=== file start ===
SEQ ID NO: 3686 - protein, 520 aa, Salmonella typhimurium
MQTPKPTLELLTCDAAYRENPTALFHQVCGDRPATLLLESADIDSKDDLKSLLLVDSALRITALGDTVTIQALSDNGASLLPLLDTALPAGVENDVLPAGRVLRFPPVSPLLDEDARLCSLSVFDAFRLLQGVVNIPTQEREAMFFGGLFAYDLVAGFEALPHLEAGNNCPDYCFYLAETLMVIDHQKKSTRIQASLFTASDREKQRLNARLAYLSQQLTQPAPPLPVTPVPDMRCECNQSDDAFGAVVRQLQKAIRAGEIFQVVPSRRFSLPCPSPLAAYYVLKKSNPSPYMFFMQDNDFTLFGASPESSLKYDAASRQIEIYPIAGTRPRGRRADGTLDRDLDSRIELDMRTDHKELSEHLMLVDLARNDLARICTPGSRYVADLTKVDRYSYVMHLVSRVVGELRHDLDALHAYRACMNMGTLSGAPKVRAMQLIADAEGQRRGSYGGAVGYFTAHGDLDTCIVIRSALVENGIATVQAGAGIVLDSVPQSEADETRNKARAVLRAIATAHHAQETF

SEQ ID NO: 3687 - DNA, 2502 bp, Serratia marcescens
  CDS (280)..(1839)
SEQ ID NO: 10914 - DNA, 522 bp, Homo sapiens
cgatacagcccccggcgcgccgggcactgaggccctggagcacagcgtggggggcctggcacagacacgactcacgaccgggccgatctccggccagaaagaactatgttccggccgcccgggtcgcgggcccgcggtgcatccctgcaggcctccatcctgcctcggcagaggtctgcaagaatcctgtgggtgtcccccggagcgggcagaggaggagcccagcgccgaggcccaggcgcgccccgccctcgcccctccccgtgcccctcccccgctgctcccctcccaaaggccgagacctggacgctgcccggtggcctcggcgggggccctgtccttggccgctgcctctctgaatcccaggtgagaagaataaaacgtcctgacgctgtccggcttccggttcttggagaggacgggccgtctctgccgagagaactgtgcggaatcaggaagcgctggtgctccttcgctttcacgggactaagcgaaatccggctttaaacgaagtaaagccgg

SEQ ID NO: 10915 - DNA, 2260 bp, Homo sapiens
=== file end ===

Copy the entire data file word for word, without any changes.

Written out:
SEQ ID NO: 3686 - protein, 520 aa, Salmonella typhimurium
MQTPKPTLELLTCDAAYRENPTALFHQVCGDRPATLLLESADIDSKDDLKSLLLVDSALRITALGDTVTIQALSDNGASLLPLLDTALPAGVENDVLPAGRVLRFPPVSPLLDEDARLCSLSVFDAFRLLQGVVNIPTQEREAMFFGGLFAYDLVAGFEALPHLEAGNNCPDYCFYLAETLMVIDHQKKSTRIQASLFTASDREKQRLNARLAYLSQQLTQPAPPLPVTPVPDMRCECNQSDDAFGAVVRQLQKAIRAGEIFQVVPSRRFSLPCPSPLAAYYVLKKSNPSPYMFFMQDNDFTLFGASPESSLKYDAASRQIEIYPIAGTRPRGRRADGTLDRDLDSRIELDMRTDHKELSEHLMLVDLARNDLARICTPGSRYVADLTKVDRYSYVMHLVSRVVGELRHDLDALHAYRACMNMGTLSGAPKVRAMQLIADAEGQRRGSYGGAVGYFTAHGDLDTCIVIRSALVENGIATVQAGAGIVLDSVPQSEADETRNKARAVLRAIATAHHAQETF

SEQ ID NO: 3687 - DNA, 2502 bp, Serratia marcescens
  CDS (280)..(1839)
SEQ ID NO: 10914 - DNA, 522 bp, Homo sapiens
cgatacagcccccggcgcgccgggcactgaggccctggagcacagcgtggggggcctggcacagacacgactcacgaccgggccgatctccggccagaaagaactatgttccggccgcccgggtcgcgggcccgcggtgcatccctgcaggcctccatcctgcctcggcagaggtctgcaagaatcctgtgggtgtcccccggagcgggcagaggaggagcccagcgccgaggcccaggcgcgccccgccctcgcccctccccgtgcccctcccccgctgctcccctcccaaaggccgagacctggacgctgcccggtggcctcggcgggggccctgtccttggccgctgcctctctgaatcccaggtgagaagaataaaacgtcctgacgctgtccggcttccggttcttggagaggacgggccgtctctgccgagagaactgtgcggaatcaggaagcgctggtgctccttcgctttcacgggactaagcgaaatccggctttaaacgaagtaaagccgg

SEQ ID NO: 10915 - DNA, 2260 bp, Homo sapiens